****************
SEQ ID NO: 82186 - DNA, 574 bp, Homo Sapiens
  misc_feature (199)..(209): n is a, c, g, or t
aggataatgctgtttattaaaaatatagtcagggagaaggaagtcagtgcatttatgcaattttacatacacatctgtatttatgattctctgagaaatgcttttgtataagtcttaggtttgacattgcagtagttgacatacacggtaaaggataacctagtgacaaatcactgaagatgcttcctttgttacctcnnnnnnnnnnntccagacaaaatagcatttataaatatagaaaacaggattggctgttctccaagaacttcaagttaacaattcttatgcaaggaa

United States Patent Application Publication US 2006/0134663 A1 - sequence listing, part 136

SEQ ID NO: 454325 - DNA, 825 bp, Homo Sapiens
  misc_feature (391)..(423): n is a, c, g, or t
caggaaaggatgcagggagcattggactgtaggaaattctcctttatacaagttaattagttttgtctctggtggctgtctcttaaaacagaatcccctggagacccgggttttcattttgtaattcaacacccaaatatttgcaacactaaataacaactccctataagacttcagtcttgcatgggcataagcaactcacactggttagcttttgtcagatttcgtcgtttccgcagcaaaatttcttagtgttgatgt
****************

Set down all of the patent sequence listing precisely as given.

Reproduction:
SEQ ID NO: 82186 - DNA, 574 bp, Homo Sapiens
  misc_feature (199)..(209): n is a, c, g, or t
aggataatgctgtttattaaaaatatagtcagggagaaggaagtcagtgcatttatgcaattttacatacacatctgtatttatgattctctgagaaatgcttttgtataagtcttaggtttgacattgcagtagttgacatacacggtaaaggataacctagtgacaaatcactgaagatgcttcctttgttacctcnnnnnnnnnnntccagacaaaatagcatttataaatatagaaaacaggattggctgttctccaagaacttcaagttaacaattcttatgcaaggaa

United States Patent Application Publication US 2006/0134663 A1 - sequence listing, part 136

SEQ ID NO: 454325 - DNA, 825 bp, Homo Sapiens
  misc_feature (391)..(423): n is a, c, g, or t
caggaaaggatgcagggagcattggactgtaggaaattctcctttatacaagttaattagttttgtctctggtggctgtctcttaaaacagaatcccctggagacccgggttttcattttgtaattcaacacccaaatatttgcaacactaaataacaactccctataagacttcagtcttgcatgggcataagcaactcacactggttagcttttgtcagatttcgtcgtttccgcagcaaaatttcttagtgttgatgt